• "Gray market" is a misnomer for pianos that were not properly seasoned for the North American and European markets. These pianos are poorly documented by Yamaha and are generally discouraged to purchase.

Editorial Review of the Yamaha G3 Grand Piano

Written Review of Yamaha G3 Pianos

As a technician, when I first saw the "blued" pins on this piano I thought to myself "Gee, looks like a "gray market."

I looked up the serial number on the piano that I was working on and sure enough, there was no record for it on Yamaha's website ensuring that it was in fact a "gray market" piano.

After I gave this piano its first tuning the pin block felt much better than I had expected, I did however, have to tap down about a half dozen pins due to the pins feeling too loose.

Piano Tuning tools

There are definitely some positive qualities to this piano in that it has a substantial size to it in that the scaling on this piano is super crisp and clear in general unlike smaller sizes like the G1 or G2 baby grand.

Now, with the G3 being 6'1," it eliminates some of the inharmonicity found in smaller G series models. I will note however, that I do not enjoy the break in the bass section especially among a few critical notes. In much smaller grands it is more noticeable and more difficult to tune because it is "noisy." In the G3 however, my remarks about the tone in that section it is better than the smaller models, but is still slightly muddy afterall. But of the G series, it by far has the least distinguishable sour tone among them (Okay, maybe the G5 has the least).

Since it is impossible to get a brand new G3 because they are no longer being produced, it is absolutely essential to have a technician evaluate the condition of the piano by performing a tuning, regulation, and voicing of the piano at a piano workshop before even considering the instrument for purchase. Without having this service performed on the instrument, it is hardly worth a serious consideration by any pianist, however, as a piano technician myself, it is easier to tell the true potential of the instrument, and whether or not it is in good condition aside from having work done from the outset.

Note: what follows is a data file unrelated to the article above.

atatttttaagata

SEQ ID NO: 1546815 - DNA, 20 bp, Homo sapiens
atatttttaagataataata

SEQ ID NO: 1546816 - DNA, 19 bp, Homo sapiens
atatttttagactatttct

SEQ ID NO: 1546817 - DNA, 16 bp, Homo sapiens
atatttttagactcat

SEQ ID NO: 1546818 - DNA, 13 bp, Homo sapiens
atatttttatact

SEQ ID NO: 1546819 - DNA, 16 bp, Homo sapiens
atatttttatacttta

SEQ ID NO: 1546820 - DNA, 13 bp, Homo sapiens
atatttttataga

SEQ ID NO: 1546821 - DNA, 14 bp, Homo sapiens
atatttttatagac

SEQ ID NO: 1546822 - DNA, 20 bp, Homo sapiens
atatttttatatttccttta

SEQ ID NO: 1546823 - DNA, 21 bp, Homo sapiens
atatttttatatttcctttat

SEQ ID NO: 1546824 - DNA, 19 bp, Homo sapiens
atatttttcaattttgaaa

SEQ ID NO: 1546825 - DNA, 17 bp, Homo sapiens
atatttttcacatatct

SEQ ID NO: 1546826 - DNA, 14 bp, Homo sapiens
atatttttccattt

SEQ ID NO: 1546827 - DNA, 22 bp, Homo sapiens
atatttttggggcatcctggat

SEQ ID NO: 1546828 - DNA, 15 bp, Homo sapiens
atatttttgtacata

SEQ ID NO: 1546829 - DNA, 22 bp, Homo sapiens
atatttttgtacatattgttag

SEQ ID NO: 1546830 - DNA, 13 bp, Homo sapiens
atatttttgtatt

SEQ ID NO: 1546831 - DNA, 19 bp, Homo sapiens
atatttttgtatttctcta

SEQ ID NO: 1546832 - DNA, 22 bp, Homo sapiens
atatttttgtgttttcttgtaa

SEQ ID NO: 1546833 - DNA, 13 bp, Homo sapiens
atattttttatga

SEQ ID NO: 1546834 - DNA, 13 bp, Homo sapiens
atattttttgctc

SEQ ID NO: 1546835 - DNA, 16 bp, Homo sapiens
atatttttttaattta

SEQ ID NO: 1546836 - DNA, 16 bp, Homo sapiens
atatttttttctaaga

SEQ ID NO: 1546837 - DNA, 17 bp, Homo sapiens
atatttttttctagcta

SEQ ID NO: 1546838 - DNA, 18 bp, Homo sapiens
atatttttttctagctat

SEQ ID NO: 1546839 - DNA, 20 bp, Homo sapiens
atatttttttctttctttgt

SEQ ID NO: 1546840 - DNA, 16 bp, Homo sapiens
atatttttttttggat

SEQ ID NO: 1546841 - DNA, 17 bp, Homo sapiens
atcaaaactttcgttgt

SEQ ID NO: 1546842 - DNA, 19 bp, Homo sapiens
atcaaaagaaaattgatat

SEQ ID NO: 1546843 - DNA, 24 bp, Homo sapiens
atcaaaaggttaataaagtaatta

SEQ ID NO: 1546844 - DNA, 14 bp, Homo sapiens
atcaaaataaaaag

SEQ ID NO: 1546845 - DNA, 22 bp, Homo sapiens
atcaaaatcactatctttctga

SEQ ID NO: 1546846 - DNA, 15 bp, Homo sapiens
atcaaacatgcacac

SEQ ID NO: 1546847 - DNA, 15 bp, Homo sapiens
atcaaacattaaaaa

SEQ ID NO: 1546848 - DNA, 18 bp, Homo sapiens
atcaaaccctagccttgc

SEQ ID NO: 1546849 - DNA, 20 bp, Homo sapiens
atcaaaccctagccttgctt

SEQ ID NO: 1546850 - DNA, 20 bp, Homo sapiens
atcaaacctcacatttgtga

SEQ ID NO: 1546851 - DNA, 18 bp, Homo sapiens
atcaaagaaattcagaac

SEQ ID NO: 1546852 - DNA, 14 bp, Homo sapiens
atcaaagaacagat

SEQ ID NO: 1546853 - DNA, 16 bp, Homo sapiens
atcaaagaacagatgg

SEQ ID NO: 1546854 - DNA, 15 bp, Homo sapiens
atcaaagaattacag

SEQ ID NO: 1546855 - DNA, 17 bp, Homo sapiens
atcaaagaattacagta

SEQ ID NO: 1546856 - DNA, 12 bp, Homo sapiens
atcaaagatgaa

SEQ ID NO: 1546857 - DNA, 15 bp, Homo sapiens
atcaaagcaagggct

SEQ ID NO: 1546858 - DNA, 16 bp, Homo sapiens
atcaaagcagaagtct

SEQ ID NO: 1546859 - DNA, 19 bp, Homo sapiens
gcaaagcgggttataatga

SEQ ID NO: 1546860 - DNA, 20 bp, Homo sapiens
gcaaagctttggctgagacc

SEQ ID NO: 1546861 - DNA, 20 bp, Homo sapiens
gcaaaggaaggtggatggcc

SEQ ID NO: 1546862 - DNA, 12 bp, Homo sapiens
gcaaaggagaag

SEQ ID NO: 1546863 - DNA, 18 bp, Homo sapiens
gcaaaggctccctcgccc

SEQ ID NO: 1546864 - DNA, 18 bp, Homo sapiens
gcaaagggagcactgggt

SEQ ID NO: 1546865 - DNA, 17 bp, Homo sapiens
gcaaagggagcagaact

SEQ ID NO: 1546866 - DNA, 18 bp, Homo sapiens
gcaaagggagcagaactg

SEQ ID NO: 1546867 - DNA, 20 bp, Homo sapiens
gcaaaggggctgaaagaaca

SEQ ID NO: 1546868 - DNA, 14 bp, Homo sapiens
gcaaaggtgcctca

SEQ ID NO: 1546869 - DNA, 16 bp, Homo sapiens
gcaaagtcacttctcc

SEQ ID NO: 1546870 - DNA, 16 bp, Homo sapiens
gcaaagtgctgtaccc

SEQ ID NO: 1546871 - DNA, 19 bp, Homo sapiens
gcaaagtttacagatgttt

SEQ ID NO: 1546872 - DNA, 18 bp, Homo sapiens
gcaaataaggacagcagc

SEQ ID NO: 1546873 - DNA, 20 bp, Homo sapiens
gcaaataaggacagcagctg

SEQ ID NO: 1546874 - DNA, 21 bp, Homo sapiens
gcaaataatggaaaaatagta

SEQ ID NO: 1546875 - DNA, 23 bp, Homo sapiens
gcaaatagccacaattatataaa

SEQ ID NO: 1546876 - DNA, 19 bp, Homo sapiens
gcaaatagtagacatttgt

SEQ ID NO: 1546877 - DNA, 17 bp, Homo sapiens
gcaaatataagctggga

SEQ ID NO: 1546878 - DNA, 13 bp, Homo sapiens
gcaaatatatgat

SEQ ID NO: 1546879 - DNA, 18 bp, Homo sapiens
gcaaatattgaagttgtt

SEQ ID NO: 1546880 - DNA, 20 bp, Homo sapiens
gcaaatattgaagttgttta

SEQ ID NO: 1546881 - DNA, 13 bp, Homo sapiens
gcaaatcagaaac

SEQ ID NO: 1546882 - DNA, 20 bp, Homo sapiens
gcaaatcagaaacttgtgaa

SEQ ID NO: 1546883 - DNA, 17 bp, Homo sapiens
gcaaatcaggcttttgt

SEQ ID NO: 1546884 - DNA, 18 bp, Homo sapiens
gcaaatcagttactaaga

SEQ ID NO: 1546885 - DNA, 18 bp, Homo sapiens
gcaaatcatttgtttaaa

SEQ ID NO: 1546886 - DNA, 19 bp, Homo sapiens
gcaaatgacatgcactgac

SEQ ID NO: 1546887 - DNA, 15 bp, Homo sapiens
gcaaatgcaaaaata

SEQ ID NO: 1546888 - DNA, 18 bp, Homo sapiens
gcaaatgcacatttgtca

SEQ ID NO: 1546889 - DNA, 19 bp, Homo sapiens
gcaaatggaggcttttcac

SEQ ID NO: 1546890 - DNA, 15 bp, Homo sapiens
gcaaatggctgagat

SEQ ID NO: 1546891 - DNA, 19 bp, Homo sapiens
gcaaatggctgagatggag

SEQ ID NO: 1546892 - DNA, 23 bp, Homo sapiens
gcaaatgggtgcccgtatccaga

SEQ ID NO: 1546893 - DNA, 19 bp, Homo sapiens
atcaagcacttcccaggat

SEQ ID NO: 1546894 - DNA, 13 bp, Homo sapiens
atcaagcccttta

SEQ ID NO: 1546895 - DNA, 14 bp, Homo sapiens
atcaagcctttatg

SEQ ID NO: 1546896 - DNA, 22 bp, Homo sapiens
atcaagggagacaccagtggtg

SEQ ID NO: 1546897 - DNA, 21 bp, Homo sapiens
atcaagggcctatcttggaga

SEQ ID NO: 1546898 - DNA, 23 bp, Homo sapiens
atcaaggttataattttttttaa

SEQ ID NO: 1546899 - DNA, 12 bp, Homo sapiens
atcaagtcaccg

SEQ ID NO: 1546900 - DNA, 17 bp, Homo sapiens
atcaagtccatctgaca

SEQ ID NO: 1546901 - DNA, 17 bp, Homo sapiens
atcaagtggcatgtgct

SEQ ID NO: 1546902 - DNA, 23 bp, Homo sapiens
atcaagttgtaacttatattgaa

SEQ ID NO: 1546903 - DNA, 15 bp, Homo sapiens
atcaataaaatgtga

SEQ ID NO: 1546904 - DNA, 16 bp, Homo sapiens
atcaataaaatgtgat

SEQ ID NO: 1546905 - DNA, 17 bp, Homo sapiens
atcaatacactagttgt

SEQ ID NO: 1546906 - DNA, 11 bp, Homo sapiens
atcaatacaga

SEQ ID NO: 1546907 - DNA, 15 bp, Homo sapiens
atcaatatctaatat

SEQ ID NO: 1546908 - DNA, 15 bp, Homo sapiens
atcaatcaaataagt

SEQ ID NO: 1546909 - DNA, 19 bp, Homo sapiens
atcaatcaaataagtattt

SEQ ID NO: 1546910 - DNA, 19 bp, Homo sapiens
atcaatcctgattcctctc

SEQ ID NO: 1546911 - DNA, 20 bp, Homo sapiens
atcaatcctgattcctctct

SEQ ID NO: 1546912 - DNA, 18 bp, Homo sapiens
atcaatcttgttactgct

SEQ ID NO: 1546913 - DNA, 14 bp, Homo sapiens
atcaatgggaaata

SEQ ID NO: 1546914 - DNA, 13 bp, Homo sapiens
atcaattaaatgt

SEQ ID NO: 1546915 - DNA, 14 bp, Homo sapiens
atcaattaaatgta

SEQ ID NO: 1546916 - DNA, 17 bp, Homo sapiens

While some qualities like the feel of the pin block when tuning the piano and the inharmonicity present in the bass break section of this piano may not be noticeable by pianists, piano teachers, tuners, or audience members, these elements give me pause over the quality and longevity of this instrument.

Again, it may be satisfactory for most people, however I am extremely picky and would choose against the purchase of this piano myself.

Why should I buy a Yamaha G3?

Without becoming too pessimistic about this piano, I think that The Yamaha G3 is a good piano with a lot of positive traits, like a clear piano sound, strong bass section, a responsive action like many Yamaha Pianos, and is likely in a decent price range.

I do think that because the G3 is larger, it eliminates many of the issues that having a smaller grand piano comes with. The responsive action is quite nice when regulated properly and is special because it is the grandfather to what is now the new Yamaha C series piano.

Aside from the unseasoned wood, I think this piano would be a really great vintage piano for my musical needs if it were going to be kept in Japan where it was originally expected to stay for the life of the piano.


In the end, I think that the G3 is quite enjoyable to play, it's easy to work on like one would expect from a Yamaha and for a medium sized grand piano. If I were living in Japan, I may consider owning this piano in my collection, but until then, I will not be owning a G3 because it was simply not acclimated to withstand dry places such as New York, Chicago, and Los Angeles.